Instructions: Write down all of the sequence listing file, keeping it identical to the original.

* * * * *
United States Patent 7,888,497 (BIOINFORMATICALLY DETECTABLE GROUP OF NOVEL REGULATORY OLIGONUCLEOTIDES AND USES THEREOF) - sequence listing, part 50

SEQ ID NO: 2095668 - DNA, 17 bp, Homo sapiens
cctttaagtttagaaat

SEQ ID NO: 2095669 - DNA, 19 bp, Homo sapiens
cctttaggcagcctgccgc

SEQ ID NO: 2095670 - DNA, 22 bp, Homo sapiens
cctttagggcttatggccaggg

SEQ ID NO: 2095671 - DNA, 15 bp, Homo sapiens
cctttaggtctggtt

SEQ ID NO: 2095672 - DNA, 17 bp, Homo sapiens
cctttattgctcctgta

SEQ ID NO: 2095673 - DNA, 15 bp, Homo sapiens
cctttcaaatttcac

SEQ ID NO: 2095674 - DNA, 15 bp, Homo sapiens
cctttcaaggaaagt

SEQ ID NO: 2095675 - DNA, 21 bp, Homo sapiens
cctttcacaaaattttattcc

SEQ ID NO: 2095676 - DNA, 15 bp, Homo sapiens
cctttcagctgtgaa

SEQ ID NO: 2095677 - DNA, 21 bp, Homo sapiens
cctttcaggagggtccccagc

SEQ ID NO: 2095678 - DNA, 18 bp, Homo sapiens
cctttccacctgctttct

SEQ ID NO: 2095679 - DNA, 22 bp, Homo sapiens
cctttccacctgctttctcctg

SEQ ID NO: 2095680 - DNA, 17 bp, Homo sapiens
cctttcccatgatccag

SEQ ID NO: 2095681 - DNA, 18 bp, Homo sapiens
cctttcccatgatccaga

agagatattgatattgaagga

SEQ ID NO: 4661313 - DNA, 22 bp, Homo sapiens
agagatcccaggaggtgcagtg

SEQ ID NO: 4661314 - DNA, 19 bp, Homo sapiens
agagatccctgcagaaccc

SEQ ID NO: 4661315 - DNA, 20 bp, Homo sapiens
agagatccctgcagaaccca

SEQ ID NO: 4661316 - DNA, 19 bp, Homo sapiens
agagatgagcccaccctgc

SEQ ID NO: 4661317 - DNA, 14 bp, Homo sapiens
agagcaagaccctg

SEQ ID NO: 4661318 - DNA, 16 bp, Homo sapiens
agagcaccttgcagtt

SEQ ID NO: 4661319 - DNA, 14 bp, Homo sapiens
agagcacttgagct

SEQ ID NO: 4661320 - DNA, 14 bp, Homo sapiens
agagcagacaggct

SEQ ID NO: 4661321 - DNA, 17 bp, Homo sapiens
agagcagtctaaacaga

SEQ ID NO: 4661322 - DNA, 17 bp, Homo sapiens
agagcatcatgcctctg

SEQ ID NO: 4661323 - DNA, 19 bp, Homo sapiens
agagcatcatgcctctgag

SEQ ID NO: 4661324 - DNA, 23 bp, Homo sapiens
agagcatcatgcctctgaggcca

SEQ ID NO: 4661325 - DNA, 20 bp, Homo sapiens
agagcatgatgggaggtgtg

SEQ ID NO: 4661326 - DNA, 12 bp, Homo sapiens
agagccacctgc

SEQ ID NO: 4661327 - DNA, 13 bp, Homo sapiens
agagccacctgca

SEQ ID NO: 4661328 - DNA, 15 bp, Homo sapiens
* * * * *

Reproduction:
United States Patent 7,888,497 (BIOINFORMATICALLY DETECTABLE GROUP OF NOVEL REGULATORY OLIGONUCLEOTIDES AND USES THEREOF) - sequence listing, part 50

SEQ ID NO: 2095668 - DNA, 17 bp, Homo sapiens
cctttaagtttagaaat

SEQ ID NO: 2095669 - DNA, 19 bp, Homo sapiens
cctttaggcagcctgccgc

SEQ ID NO: 2095670 - DNA, 22 bp, Homo sapiens
cctttagggcttatggccaggg

SEQ ID NO: 2095671 - DNA, 15 bp, Homo sapiens
cctttaggtctggtt

SEQ ID NO: 2095672 - DNA, 17 bp, Homo sapiens
cctttattgctcctgta

SEQ ID NO: 2095673 - DNA, 15 bp, Homo sapiens
cctttcaaatttcac

SEQ ID NO: 2095674 - DNA, 15 bp, Homo sapiens
cctttcaaggaaagt

SEQ ID NO: 2095675 - DNA, 21 bp, Homo sapiens
cctttcacaaaattttattcc

SEQ ID NO: 2095676 - DNA, 15 bp, Homo sapiens
cctttcagctgtgaa

SEQ ID NO: 2095677 - DNA, 21 bp, Homo sapiens
cctttcaggagggtccccagc

SEQ ID NO: 2095678 - DNA, 18 bp, Homo sapiens
cctttccacctgctttct

SEQ ID NO: 2095679 - DNA, 22 bp, Homo sapiens
cctttccacctgctttctcctg

SEQ ID NO: 2095680 - DNA, 17 bp, Homo sapiens
cctttcccatgatccag

SEQ ID NO: 2095681 - DNA, 18 bp, Homo sapiens
cctttcccatgatccaga

agagatattgatattgaagga

SEQ ID NO: 4661313 - DNA, 22 bp, Homo sapiens
agagatcccaggaggtgcagtg

SEQ ID NO: 4661314 - DNA, 19 bp, Homo sapiens
agagatccctgcagaaccc

SEQ ID NO: 4661315 - DNA, 20 bp, Homo sapiens
agagatccctgcagaaccca

SEQ ID NO: 4661316 - DNA, 19 bp, Homo sapiens
agagatgagcccaccctgc

SEQ ID NO: 4661317 - DNA, 14 bp, Homo sapiens
agagcaagaccctg

SEQ ID NO: 4661318 - DNA, 16 bp, Homo sapiens
agagcaccttgcagtt

SEQ ID NO: 4661319 - DNA, 14 bp, Homo sapiens
agagcacttgagct

SEQ ID NO: 4661320 - DNA, 14 bp, Homo sapiens
agagcagacaggct

SEQ ID NO: 4661321 - DNA, 17 bp, Homo sapiens
agagcagtctaaacaga

SEQ ID NO: 4661322 - DNA, 17 bp, Homo sapiens
agagcatcatgcctctg

SEQ ID NO: 4661323 - DNA, 19 bp, Homo sapiens
agagcatcatgcctctgag

SEQ ID NO: 4661324 - DNA, 23 bp, Homo sapiens
agagcatcatgcctctgaggcca

SEQ ID NO: 4661325 - DNA, 20 bp, Homo sapiens
agagcatgatgggaggtgtg

SEQ ID NO: 4661326 - DNA, 12 bp, Homo sapiens
agagccacctgc

SEQ ID NO: 4661327 - DNA, 13 bp, Homo sapiens
agagccacctgca

SEQ ID NO: 4661328 - DNA, 15 bp, Homo sapiens